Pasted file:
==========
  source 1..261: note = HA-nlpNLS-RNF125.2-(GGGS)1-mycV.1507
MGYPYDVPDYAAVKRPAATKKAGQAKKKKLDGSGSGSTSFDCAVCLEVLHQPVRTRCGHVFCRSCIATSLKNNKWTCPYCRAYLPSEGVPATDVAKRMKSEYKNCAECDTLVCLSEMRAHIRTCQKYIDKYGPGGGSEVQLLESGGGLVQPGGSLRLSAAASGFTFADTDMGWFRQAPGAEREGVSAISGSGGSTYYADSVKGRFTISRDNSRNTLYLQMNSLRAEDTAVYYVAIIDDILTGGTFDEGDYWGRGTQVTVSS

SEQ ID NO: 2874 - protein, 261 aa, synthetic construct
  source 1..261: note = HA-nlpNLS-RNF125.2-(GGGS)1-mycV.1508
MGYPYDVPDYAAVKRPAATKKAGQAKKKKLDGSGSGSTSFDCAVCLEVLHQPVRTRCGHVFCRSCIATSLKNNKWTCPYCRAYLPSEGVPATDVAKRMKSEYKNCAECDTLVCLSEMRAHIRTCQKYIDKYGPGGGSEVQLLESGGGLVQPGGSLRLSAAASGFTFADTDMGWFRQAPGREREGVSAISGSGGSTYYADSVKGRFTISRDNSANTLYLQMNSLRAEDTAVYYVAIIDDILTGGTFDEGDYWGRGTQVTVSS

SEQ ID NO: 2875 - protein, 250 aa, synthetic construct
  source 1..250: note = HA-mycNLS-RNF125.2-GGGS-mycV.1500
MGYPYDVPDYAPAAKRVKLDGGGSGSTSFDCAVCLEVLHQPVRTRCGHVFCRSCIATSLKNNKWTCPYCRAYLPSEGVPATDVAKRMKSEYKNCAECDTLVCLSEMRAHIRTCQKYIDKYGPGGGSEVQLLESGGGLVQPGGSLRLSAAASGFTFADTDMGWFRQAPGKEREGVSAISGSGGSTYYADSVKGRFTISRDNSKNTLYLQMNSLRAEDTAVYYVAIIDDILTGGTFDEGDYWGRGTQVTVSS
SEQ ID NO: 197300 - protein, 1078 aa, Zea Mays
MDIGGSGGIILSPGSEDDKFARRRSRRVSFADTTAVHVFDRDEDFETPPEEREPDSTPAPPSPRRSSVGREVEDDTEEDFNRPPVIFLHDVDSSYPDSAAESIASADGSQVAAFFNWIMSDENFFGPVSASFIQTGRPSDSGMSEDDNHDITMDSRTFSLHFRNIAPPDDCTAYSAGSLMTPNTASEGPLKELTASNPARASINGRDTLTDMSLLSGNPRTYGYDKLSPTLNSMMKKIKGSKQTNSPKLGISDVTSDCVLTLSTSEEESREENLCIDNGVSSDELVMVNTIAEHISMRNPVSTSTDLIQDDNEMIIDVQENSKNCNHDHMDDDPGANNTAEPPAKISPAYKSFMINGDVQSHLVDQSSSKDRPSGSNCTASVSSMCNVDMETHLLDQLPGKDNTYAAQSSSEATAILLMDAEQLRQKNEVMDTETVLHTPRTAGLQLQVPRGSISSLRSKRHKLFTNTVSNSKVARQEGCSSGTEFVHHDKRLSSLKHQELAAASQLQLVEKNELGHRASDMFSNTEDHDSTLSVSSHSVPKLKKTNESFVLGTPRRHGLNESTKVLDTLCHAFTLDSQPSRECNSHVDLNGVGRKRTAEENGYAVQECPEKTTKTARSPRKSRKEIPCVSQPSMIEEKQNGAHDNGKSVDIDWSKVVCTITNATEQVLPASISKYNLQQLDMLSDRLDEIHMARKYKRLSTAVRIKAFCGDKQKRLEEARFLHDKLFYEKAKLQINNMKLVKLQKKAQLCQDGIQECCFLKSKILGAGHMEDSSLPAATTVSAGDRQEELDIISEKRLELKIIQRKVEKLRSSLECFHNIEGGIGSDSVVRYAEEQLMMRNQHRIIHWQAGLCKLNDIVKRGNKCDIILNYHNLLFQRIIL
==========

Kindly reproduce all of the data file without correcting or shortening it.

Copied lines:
  source 1..261: note = HA-nlpNLS-RNF125.2-(GGGS)1-mycV.1507
MGYPYDVPDYAAVKRPAATKKAGQAKKKKLDGSGSGSTSFDCAVCLEVLHQPVRTRCGHVFCRSCIATSLKNNKWTCPYCRAYLPSEGVPATDVAKRMKSEYKNCAECDTLVCLSEMRAHIRTCQKYIDKYGPGGGSEVQLLESGGGLVQPGGSLRLSAAASGFTFADTDMGWFRQAPGAEREGVSAISGSGGSTYYADSVKGRFTISRDNSRNTLYLQMNSLRAEDTAVYYVAIIDDILTGGTFDEGDYWGRGTQVTVSS

SEQ ID NO: 2874 - protein, 261 aa, synthetic construct
  source 1..261: note = HA-nlpNLS-RNF125.2-(GGGS)1-mycV.1508
MGYPYDVPDYAAVKRPAATKKAGQAKKKKLDGSGSGSTSFDCAVCLEVLHQPVRTRCGHVFCRSCIATSLKNNKWTCPYCRAYLPSEGVPATDVAKRMKSEYKNCAECDTLVCLSEMRAHIRTCQKYIDKYGPGGGSEVQLLESGGGLVQPGGSLRLSAAASGFTFADTDMGWFRQAPGREREGVSAISGSGGSTYYADSVKGRFTISRDNSANTLYLQMNSLRAEDTAVYYVAIIDDILTGGTFDEGDYWGRGTQVTVSS

SEQ ID NO: 2875 - protein, 250 aa, synthetic construct
  source 1..250: note = HA-mycNLS-RNF125.2-GGGS-mycV.1500
MGYPYDVPDYAPAAKRVKLDGGGSGSTSFDCAVCLEVLHQPVRTRCGHVFCRSCIATSLKNNKWTCPYCRAYLPSEGVPATDVAKRMKSEYKNCAECDTLVCLSEMRAHIRTCQKYIDKYGPGGGSEVQLLESGGGLVQPGGSLRLSAAASGFTFADTDMGWFRQAPGKEREGVSAISGSGGSTYYADSVKGRFTISRDNSKNTLYLQMNSLRAEDTAVYYVAIIDDILTGGTFDEGDYWGRGTQVTVSS
SEQ ID NO: 197300 - protein, 1078 aa, Zea Mays
MDIGGSGGIILSPGSEDDKFARRRSRRVSFADTTAVHVFDRDEDFETPPEEREPDSTPAPPSPRRSSVGREVEDDTEEDFNRPPVIFLHDVDSSYPDSAAESIASADGSQVAAFFNWIMSDENFFGPVSASFIQTGRPSDSGMSEDDNHDITMDSRTFSLHFRNIAPPDDCTAYSAGSLMTPNTASEGPLKELTASNPARASINGRDTLTDMSLLSGNPRTYGYDKLSPTLNSMMKKIKGSKQTNSPKLGISDVTSDCVLTLSTSEEESREENLCIDNGVSSDELVMVNTIAEHISMRNPVSTSTDLIQDDNEMIIDVQENSKNCNHDHMDDDPGANNTAEPPAKISPAYKSFMINGDVQSHLVDQSSSKDRPSGSNCTASVSSMCNVDMETHLLDQLPGKDNTYAAQSSSEATAILLMDAEQLRQKNEVMDTETVLHTPRTAGLQLQVPRGSISSLRSKRHKLFTNTVSNSKVARQEGCSSGTEFVHHDKRLSSLKHQELAAASQLQLVEKNELGHRASDMFSNTEDHDSTLSVSSHSVPKLKKTNESFVLGTPRRHGLNESTKVLDTLCHAFTLDSQPSRECNSHVDLNGVGRKRTAEENGYAVQECPEKTTKTARSPRKSRKEIPCVSQPSMIEEKQNGAHDNGKSVDIDWSKVVCTITNATEQVLPASISKYNLQQLDMLSDRLDEIHMARKYKRLSTAVRIKAFCGDKQKRLEEARFLHDKLFYEKAKLQINNMKLVKLQKKAQLCQDGIQECCFLKSKILGAGHMEDSSLPAATTVSAGDRQEELDIISEKRLELKIIQRKVEKLRSSLECFHNIEGGIGSDSVVRYAEEQLMMRNQHRIIHWQAGLCKLNDIVKRGNKCDIILNYHNLLFQRIIL